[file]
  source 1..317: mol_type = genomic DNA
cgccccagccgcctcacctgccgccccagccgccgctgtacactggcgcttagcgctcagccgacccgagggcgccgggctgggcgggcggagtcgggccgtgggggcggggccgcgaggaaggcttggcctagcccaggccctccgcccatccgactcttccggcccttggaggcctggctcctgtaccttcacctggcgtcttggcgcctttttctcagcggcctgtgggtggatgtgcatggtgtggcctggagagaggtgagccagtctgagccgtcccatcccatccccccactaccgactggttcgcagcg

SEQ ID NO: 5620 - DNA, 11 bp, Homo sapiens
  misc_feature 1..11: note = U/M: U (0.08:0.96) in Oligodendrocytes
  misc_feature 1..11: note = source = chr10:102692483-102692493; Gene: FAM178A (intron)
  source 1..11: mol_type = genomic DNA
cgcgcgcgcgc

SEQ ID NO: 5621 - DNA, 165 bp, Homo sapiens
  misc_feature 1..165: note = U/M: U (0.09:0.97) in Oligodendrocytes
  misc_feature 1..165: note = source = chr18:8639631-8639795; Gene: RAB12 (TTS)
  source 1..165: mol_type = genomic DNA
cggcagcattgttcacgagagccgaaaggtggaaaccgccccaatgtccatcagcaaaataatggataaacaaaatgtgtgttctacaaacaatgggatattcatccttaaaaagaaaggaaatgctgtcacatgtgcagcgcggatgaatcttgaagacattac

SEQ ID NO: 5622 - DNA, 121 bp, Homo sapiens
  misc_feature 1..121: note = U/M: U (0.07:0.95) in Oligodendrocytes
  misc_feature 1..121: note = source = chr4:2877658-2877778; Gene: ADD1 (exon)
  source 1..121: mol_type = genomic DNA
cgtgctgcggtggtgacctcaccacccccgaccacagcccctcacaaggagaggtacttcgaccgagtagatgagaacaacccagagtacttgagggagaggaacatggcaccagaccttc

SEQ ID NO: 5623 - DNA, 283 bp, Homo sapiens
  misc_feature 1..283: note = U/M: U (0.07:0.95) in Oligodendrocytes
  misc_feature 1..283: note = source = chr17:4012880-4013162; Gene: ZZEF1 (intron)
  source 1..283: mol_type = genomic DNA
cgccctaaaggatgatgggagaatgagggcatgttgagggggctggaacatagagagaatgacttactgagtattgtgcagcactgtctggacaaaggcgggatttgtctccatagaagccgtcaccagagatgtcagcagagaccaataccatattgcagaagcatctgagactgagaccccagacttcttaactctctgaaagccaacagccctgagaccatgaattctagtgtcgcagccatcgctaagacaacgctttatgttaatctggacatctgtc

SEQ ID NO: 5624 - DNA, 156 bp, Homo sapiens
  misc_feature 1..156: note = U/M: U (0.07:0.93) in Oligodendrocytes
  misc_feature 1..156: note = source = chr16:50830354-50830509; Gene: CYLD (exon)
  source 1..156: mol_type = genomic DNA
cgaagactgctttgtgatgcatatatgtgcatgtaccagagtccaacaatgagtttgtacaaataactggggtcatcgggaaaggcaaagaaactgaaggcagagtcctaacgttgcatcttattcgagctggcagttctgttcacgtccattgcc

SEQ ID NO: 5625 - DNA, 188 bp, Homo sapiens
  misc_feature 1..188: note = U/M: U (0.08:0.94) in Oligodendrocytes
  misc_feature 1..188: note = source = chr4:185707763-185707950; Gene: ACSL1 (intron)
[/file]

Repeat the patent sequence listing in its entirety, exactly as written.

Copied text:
  source 1..317: mol_type = genomic DNA
cgccccagccgcctcacctgccgccccagccgccgctgtacactggcgcttagcgctcagccgacccgagggcgccgggctgggcgggcggagtcgggccgtgggggcggggccgcgaggaaggcttggcctagcccaggccctccgcccatccgactcttccggcccttggaggcctggctcctgtaccttcacctggcgtcttggcgcctttttctcagcggcctgtgggtggatgtgcatggtgtggcctggagagaggtgagccagtctgagccgtcccatcccatccccccactaccgactggttcgcagcg

SEQ ID NO: 5620 - DNA, 11 bp, Homo sapiens
  misc_feature 1..11: note = U/M: U (0.08:0.96) in Oligodendrocytes
  misc_feature 1..11: note = source = chr10:102692483-102692493; Gene: FAM178A (intron)
  source 1..11: mol_type = genomic DNA
cgcgcgcgcgc

SEQ ID NO: 5621 - DNA, 165 bp, Homo sapiens
  misc_feature 1..165: note = U/M: U (0.09:0.97) in Oligodendrocytes
  misc_feature 1..165: note = source = chr18:8639631-8639795; Gene: RAB12 (TTS)
  source 1..165: mol_type = genomic DNA
cggcagcattgttcacgagagccgaaaggtggaaaccgccccaatgtccatcagcaaaataatggataaacaaaatgtgtgttctacaaacaatgggatattcatccttaaaaagaaaggaaatgctgtcacatgtgcagcgcggatgaatcttgaagacattac

SEQ ID NO: 5622 - DNA, 121 bp, Homo sapiens
  misc_feature 1..121: note = U/M: U (0.07:0.95) in Oligodendrocytes
  misc_feature 1..121: note = source = chr4:2877658-2877778; Gene: ADD1 (exon)
  source 1..121: mol_type = genomic DNA
cgtgctgcggtggtgacctcaccacccccgaccacagcccctcacaaggagaggtacttcgaccgagtagatgagaacaacccagagtacttgagggagaggaacatggcaccagaccttc

SEQ ID NO: 5623 - DNA, 283 bp, Homo sapiens
  misc_feature 1..283: note = U/M: U (0.07:0.95) in Oligodendrocytes
  misc_feature 1..283: note = source = chr17:4012880-4013162; Gene: ZZEF1 (intron)
  source 1..283: mol_type = genomic DNA
cgccctaaaggatgatgggagaatgagggcatgttgagggggctggaacatagagagaatgacttactgagtattgtgcagcactgtctggacaaaggcgggatttgtctccatagaagccgtcaccagagatgtcagcagagaccaataccatattgcagaagcatctgagactgagaccccagacttcttaactctctgaaagccaacagccctgagaccatgaattctagtgtcgcagccatcgctaagacaacgctttatgttaatctggacatctgtc

SEQ ID NO: 5624 - DNA, 156 bp, Homo sapiens
  misc_feature 1..156: note = U/M: U (0.07:0.93) in Oligodendrocytes
  misc_feature 1..156: note = source = chr16:50830354-50830509; Gene: CYLD (exon)
  source 1..156: mol_type = genomic DNA
cgaagactgctttgtgatgcatatatgtgcatgtaccagagtccaacaatgagtttgtacaaataactggggtcatcgggaaaggcaaagaaactgaaggcagagtcctaacgttgcatcttattcgagctggcagttctgttcacgtccattgcc

SEQ ID NO: 5625 - DNA, 188 bp, Homo sapiens
  misc_feature 1..188: note = U/M: U (0.08:0.94) in Oligodendrocytes
  misc_feature 1..188: note = source = chr4:185707763-185707950; Gene: ACSL1 (intron)